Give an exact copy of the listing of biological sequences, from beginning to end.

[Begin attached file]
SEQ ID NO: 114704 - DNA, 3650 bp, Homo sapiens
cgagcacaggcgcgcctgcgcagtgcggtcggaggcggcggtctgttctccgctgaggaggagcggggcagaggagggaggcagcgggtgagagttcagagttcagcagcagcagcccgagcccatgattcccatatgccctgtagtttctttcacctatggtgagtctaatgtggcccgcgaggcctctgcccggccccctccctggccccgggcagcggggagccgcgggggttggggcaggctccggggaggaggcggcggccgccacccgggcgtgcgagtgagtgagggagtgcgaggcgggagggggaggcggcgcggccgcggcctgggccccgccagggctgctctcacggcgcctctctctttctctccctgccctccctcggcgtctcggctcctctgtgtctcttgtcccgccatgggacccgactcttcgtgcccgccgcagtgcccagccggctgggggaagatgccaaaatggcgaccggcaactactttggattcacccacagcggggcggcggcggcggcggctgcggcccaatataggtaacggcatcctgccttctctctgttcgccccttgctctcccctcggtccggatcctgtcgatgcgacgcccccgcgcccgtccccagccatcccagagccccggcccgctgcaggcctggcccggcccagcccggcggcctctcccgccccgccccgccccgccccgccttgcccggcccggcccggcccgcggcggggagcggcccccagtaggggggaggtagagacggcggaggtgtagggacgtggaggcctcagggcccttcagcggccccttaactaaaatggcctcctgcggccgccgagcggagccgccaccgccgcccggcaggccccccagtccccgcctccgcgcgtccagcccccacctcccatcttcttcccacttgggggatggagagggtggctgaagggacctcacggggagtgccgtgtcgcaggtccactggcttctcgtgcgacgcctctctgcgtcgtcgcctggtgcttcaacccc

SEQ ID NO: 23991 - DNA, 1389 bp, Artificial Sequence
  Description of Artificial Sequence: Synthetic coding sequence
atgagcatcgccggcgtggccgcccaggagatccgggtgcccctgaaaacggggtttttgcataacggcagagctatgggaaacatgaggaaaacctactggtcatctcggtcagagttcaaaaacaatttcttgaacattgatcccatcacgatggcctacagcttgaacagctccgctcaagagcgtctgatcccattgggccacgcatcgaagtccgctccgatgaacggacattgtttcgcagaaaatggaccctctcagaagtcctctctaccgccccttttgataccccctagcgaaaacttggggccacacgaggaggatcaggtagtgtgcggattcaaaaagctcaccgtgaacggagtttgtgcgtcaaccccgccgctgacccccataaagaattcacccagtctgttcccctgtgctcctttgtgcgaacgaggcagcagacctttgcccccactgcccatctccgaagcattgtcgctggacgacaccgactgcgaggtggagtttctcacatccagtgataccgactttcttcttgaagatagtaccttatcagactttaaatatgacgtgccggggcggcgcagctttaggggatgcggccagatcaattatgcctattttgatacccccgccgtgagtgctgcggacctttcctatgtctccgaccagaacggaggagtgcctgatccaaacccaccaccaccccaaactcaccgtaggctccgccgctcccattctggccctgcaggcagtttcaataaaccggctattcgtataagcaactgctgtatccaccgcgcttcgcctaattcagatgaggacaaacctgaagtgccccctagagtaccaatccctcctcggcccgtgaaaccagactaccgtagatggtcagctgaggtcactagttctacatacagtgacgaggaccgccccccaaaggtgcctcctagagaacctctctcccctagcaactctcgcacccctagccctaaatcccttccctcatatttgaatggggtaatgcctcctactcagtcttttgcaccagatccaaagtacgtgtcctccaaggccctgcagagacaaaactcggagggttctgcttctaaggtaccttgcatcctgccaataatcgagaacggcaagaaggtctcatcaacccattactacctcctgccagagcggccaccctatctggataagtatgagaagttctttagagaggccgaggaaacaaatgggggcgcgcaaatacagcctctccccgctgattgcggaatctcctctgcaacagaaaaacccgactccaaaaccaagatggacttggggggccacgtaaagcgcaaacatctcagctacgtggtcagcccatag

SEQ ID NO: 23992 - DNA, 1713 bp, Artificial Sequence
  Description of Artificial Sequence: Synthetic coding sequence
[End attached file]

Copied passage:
SEQ ID NO: 114704 - DNA, 3650 bp, Homo sapiens
cgagcacaggcgcgcctgcgcagtgcggtcggaggcggcggtctgttctccgctgaggaggagcggggcagaggagggaggcagcgggtgagagttcagagttcagcagcagcagcccgagcccatgattcccatatgccctgtagtttctttcacctatggtgagtctaatgtggcccgcgaggcctctgcccggccccctccctggccccgggcagcggggagccgcgggggttggggcaggctccggggaggaggcggcggccgccacccgggcgtgcgagtgagtgagggagtgcgaggcgggagggggaggcggcgcggccgcggcctgggccccgccagggctgctctcacggcgcctctctctttctctccctgccctccctcggcgtctcggctcctctgtgtctcttgtcccgccatgggacccgactcttcgtgcccgccgcagtgcccagccggctgggggaagatgccaaaatggcgaccggcaactactttggattcacccacagcggggcggcggcggcggcggctgcggcccaatataggtaacggcatcctgccttctctctgttcgccccttgctctcccctcggtccggatcctgtcgatgcgacgcccccgcgcccgtccccagccatcccagagccccggcccgctgcaggcctggcccggcccagcccggcggcctctcccgccccgccccgccccgccccgccttgcccggcccggcccggcccgcggcggggagcggcccccagtaggggggaggtagagacggcggaggtgtagggacgtggaggcctcagggcccttcagcggccccttaactaaaatggcctcctgcggccgccgagcggagccgccaccgccgcccggcaggccccccagtccccgcctccgcgcgtccagcccccacctcccatcttcttcccacttgggggatggagagggtggctgaagggacctcacggggagtgccgtgtcgcaggtccactggcttctcgtgcgacgcctctctgcgtcgtcgcctggtgcttcaacccc

SEQ ID NO: 23991 - DNA, 1389 bp, Artificial Sequence
  Description of Artificial Sequence: Synthetic coding sequence
atgagcatcgccggcgtggccgcccaggagatccgggtgcccctgaaaacggggtttttgcataacggcagagctatgggaaacatgaggaaaacctactggtcatctcggtcagagttcaaaaacaatttcttgaacattgatcccatcacgatggcctacagcttgaacagctccgctcaagagcgtctgatcccattgggccacgcatcgaagtccgctccgatgaacggacattgtttcgcagaaaatggaccctctcagaagtcctctctaccgccccttttgataccccctagcgaaaacttggggccacacgaggaggatcaggtagtgtgcggattcaaaaagctcaccgtgaacggagtttgtgcgtcaaccccgccgctgacccccataaagaattcacccagtctgttcccctgtgctcctttgtgcgaacgaggcagcagacctttgcccccactgcccatctccgaagcattgtcgctggacgacaccgactgcgaggtggagtttctcacatccagtgataccgactttcttcttgaagatagtaccttatcagactttaaatatgacgtgccggggcggcgcagctttaggggatgcggccagatcaattatgcctattttgatacccccgccgtgagtgctgcggacctttcctatgtctccgaccagaacggaggagtgcctgatccaaacccaccaccaccccaaactcaccgtaggctccgccgctcccattctggccctgcaggcagtttcaataaaccggctattcgtataagcaactgctgtatccaccgcgcttcgcctaattcagatgaggacaaacctgaagtgccccctagagtaccaatccctcctcggcccgtgaaaccagactaccgtagatggtcagctgaggtcactagttctacatacagtgacgaggaccgccccccaaaggtgcctcctagagaacctctctcccctagcaactctcgcacccctagccctaaatcccttccctcatatttgaatggggtaatgcctcctactcagtcttttgcaccagatccaaagtacgtgtcctccaaggccctgcagagacaaaactcggagggttctgcttctaaggtaccttgcatcctgccaataatcgagaacggcaagaaggtctcatcaacccattactacctcctgccagagcggccaccctatctggataagtatgagaagttctttagagaggccgaggaaacaaatgggggcgcgcaaatacagcctctccccgctgattgcggaatctcctctgcaacagaaaaacccgactccaaaaccaagatggacttggggggccacgtaaagcgcaaacatctcagctacgtggtcagcccatag

SEQ ID NO: 23992 - DNA, 1713 bp, Artificial Sequence
  Description of Artificial Sequence: Synthetic coding sequence